Great Questions, Commentary Guides, & Ministry Thoughts

Every now and then I like to share really helpful posts and thoughts that I come across, and today is one of those days.  Scot McKnight is one of my favorite biblical scholars.  He is very sharp without being inaccessible, and he is a clear communicator.  In my line of work, these are the kind of teachers I seek out constantly.

He has an excellent series on his blog right now asking thought provoking questions about the Kingdom of God.  Check it out here:

He also writes with pastors in mind, as in his series recommending his favorite New Testament commentaries:

Finally, I’ve been really interested in reading the shifts that have taken place in some of the more obviously successful new church endeavors.  Craig Groeschel from Life Church, right here in Oklahoma, has been making some interesting comments lately on his blog that have given me much food for thought.

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2 thoughts on “Great Questions, Commentary Guides, & Ministry Thoughts

  1. I’m glad you pointed out Groeschel’s recent posts. I’m not quite sure what I think about them. If I didn’t know anything about LifeChurch, then I would probably applaud them fully. But, I guess I’m left wondering what does it mean to speak about returning to some “deeper” things of faith from the context of a church that is all about trends, the cool factor, and being relevant. Usually, when I read such blogs they are written by pastors who can’t achieve what Life is doing so it is a way of condemning Life’s approach. However, coming from the local cool church, I’m left scratching my head and wondering how to interpret his recent posts. What are your thoughts?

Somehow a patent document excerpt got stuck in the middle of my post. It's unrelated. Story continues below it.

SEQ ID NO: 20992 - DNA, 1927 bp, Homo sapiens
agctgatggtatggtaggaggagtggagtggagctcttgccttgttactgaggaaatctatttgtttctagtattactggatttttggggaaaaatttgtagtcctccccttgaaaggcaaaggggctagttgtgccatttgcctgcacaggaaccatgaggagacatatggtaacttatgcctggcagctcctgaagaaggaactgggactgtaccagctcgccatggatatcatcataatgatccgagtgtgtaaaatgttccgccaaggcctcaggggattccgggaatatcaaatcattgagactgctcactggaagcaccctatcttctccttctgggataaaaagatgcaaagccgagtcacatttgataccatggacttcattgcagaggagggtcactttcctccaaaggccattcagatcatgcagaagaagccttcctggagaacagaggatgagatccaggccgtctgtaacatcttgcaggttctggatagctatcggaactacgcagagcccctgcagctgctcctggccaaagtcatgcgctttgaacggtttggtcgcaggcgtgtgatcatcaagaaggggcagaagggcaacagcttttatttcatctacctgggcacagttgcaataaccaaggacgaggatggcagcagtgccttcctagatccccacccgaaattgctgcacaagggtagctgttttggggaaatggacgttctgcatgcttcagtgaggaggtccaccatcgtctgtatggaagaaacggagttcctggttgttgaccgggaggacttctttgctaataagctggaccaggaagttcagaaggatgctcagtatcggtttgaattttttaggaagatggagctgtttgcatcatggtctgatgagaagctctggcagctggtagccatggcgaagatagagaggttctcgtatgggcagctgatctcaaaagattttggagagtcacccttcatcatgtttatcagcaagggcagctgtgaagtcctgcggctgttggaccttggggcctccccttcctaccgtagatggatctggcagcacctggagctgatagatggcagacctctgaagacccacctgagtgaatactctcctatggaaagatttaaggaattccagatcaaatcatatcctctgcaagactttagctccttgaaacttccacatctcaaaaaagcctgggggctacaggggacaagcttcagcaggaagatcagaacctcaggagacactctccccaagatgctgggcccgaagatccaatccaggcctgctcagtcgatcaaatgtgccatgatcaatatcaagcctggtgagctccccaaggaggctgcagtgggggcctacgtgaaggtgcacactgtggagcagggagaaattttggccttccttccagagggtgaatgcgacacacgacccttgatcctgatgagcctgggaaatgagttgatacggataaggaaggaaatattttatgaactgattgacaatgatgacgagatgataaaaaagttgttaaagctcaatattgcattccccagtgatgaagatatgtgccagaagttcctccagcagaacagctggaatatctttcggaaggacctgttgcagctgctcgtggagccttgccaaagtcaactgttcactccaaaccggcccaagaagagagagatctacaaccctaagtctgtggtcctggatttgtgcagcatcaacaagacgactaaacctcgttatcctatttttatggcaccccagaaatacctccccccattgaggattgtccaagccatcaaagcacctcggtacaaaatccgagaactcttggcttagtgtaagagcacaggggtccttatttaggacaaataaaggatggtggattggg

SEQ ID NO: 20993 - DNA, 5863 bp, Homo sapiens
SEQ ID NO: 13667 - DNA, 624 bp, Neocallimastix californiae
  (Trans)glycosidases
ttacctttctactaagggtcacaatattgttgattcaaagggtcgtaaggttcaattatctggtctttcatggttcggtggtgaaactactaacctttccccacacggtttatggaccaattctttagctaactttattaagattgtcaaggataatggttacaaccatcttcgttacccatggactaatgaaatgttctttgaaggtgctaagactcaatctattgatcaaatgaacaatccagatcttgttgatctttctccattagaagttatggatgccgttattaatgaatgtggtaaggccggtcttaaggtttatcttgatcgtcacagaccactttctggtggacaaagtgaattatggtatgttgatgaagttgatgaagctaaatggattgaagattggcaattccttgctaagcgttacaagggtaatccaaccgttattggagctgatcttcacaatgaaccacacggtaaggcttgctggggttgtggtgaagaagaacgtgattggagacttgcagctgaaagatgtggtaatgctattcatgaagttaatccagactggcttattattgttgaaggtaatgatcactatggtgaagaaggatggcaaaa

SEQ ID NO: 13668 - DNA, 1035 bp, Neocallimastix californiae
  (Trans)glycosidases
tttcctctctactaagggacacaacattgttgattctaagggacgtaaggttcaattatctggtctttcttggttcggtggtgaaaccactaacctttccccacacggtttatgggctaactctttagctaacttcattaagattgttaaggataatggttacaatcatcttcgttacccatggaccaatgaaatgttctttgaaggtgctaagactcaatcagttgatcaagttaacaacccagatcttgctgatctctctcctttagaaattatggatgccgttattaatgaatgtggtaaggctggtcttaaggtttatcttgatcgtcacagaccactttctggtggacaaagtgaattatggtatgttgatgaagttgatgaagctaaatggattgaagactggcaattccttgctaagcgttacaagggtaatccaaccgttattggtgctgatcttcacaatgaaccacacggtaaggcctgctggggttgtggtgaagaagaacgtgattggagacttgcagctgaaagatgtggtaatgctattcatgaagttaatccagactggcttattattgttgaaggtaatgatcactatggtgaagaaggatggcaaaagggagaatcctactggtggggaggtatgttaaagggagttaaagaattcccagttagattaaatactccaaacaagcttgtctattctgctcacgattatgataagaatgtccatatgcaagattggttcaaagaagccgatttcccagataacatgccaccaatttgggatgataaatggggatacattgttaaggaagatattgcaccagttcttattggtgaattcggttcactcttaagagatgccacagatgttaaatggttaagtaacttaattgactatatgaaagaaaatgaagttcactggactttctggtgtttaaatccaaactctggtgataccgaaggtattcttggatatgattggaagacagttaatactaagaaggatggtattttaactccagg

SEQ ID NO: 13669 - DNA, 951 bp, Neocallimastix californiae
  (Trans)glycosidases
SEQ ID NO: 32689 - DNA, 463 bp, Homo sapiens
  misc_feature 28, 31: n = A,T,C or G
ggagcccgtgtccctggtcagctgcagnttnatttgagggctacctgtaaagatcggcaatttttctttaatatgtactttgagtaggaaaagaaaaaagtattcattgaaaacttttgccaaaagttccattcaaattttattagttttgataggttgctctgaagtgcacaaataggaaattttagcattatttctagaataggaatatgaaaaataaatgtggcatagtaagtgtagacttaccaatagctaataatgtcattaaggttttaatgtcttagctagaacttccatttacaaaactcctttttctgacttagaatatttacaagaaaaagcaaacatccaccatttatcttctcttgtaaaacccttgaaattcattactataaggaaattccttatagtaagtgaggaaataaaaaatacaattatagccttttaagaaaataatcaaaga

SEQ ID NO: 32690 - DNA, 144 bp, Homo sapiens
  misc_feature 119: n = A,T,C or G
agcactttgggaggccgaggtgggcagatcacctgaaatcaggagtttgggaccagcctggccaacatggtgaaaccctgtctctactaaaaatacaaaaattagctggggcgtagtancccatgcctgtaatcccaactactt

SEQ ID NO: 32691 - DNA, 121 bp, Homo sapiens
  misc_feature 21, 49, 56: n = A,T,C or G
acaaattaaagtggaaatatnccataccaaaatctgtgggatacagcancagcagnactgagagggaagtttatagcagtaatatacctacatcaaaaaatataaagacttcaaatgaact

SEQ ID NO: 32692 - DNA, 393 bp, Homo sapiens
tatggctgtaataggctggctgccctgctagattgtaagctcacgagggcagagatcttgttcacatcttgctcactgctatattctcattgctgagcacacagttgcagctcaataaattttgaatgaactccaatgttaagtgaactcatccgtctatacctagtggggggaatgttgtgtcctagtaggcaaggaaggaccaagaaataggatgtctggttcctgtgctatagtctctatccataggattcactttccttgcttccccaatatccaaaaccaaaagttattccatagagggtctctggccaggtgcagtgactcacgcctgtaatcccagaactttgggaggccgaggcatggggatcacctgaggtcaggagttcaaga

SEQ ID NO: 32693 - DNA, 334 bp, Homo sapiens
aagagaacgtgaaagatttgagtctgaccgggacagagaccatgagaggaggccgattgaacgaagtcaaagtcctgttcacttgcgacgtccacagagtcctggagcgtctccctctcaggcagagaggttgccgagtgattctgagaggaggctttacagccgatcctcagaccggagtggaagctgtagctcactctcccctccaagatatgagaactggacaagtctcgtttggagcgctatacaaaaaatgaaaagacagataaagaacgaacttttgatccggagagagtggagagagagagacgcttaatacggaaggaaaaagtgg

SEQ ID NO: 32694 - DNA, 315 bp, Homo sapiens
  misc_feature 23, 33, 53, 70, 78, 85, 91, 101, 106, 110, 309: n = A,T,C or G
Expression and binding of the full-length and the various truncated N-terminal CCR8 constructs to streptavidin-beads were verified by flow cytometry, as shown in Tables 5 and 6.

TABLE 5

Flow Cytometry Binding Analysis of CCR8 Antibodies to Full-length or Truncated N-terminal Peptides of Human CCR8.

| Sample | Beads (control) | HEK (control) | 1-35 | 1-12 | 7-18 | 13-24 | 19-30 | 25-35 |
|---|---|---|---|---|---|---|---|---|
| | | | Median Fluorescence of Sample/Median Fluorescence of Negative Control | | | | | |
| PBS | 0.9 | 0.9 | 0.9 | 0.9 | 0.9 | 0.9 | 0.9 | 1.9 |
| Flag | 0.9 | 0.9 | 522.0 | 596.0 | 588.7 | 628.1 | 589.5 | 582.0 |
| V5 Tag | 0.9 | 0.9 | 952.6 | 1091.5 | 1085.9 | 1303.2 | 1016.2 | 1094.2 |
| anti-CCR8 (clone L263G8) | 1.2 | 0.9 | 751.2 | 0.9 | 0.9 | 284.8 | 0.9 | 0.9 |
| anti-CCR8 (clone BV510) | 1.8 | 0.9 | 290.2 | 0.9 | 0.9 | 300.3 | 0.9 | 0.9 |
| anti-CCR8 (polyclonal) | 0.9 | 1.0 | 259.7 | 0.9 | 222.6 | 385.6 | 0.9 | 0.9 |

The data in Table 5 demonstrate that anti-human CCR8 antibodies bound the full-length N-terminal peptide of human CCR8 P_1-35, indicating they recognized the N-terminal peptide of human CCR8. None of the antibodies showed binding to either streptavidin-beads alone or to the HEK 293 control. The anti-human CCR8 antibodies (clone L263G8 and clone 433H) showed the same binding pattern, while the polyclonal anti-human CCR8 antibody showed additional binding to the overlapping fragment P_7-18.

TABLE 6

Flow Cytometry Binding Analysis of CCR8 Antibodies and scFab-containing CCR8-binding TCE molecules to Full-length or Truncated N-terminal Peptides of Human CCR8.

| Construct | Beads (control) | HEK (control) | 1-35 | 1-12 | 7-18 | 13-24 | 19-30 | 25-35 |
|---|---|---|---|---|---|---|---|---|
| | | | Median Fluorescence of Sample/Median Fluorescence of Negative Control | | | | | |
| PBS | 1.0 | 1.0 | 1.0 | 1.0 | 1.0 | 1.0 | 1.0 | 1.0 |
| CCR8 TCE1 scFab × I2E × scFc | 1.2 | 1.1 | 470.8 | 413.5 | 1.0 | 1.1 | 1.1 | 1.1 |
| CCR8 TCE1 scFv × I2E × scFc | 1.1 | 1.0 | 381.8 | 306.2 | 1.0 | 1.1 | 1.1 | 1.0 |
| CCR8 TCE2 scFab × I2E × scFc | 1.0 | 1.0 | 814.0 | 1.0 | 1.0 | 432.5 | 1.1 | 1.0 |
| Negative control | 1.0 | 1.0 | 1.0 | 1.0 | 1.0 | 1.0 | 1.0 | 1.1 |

2. I think most folks who write negative things about them primarily know Life Church from the outside. The judgments then are based on things that are evident from the outside: technology, use of marketing, “coolness,” etc., and as you say, a healthy dose of jealousy.

    I have a really good friend who attends Life, and it seems they challenge their people in their faith as much or probably more than the average UMC.

    However, I think the congregation has reached a point where they see that the extraneous stuff really hasn’t produced the same kind of fruit as things like in depth bible study, prayer, and so forth. So…they’re making the shift to the things that they’ve seen fruit from. This is kind of reminiscent of the Reveal survey at Willow Creek.

    Anyway, Craig has weighed in here at the blog before, so maybe we can hear from him.

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